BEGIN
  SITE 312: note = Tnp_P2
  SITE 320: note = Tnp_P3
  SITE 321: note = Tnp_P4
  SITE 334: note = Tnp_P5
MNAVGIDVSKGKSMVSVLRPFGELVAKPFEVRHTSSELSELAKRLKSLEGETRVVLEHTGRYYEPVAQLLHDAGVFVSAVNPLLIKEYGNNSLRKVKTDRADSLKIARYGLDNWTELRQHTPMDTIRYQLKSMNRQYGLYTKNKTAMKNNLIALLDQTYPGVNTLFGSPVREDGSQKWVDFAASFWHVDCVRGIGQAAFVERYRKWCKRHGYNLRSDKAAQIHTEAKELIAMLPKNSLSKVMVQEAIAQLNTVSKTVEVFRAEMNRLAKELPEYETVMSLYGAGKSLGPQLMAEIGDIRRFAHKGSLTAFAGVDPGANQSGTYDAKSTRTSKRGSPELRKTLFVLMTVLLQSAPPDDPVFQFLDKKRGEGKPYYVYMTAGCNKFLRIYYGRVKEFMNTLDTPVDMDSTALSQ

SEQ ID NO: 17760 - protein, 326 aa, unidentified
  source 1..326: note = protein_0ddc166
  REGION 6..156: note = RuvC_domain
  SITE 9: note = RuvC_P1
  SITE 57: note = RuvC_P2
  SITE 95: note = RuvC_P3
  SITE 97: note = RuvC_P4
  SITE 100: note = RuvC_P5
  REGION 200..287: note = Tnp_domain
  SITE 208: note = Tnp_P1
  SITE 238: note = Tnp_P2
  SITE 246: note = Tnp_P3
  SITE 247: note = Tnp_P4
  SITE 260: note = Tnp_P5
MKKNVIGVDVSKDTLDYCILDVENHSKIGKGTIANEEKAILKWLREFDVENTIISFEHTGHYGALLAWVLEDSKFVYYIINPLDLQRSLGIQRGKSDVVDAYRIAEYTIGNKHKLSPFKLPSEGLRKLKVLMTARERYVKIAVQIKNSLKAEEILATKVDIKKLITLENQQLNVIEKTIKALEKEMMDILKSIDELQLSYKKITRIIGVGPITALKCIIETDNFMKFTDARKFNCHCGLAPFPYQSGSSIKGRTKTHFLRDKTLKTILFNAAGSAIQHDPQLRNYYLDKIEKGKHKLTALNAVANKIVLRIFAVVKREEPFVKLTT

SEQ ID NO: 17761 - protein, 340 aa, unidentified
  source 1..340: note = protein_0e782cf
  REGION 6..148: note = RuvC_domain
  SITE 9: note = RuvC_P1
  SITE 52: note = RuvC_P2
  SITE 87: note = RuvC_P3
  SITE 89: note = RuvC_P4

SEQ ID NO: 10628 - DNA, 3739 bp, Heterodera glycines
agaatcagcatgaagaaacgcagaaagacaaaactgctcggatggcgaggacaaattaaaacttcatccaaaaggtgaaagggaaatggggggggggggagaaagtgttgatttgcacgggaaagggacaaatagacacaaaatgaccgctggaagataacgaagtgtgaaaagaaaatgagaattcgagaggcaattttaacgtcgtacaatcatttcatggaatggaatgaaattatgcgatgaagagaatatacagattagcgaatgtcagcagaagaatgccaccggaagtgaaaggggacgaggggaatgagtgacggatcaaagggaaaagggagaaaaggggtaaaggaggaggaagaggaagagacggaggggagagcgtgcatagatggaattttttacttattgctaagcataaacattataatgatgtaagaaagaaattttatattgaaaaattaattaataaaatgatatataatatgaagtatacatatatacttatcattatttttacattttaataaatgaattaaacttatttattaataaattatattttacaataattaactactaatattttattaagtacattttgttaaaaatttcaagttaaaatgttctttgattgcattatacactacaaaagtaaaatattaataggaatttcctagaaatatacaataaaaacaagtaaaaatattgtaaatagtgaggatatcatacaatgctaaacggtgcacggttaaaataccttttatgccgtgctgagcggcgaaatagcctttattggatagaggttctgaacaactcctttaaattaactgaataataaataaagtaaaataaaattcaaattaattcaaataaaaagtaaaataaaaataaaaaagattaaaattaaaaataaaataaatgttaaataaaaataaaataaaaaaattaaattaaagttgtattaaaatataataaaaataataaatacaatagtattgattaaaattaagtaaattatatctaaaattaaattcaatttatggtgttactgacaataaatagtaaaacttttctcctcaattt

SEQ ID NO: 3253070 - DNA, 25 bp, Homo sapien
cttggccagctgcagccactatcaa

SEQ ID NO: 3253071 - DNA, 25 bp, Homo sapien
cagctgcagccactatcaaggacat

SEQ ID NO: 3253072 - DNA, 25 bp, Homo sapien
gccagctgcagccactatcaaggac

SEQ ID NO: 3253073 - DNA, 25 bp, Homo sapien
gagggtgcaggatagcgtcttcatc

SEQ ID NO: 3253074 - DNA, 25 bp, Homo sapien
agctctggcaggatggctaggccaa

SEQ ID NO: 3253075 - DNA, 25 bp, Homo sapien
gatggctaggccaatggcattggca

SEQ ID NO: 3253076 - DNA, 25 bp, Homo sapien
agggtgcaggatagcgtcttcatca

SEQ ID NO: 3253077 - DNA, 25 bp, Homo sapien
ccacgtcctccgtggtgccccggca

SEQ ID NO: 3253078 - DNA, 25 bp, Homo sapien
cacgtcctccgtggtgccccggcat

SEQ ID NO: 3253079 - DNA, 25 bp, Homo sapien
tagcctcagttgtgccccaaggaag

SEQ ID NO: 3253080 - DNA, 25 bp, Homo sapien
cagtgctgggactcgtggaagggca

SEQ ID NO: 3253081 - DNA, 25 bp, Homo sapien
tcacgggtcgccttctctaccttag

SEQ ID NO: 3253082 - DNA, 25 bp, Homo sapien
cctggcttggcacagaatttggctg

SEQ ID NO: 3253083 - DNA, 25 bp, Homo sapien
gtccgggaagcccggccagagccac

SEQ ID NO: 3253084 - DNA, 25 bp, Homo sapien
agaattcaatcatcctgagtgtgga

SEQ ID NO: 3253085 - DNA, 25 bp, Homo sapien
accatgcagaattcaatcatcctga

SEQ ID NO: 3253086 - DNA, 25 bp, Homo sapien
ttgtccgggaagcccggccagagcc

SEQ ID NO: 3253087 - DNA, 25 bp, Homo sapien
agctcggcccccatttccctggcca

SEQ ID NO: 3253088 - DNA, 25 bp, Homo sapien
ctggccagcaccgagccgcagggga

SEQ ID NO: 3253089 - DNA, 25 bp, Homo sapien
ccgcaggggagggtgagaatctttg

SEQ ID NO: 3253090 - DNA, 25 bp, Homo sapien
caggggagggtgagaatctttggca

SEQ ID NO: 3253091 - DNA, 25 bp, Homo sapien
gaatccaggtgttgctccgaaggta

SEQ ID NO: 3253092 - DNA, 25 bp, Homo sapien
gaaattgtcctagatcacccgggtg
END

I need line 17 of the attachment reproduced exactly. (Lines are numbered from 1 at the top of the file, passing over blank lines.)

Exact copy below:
  SITE 246: note = Tnp_P3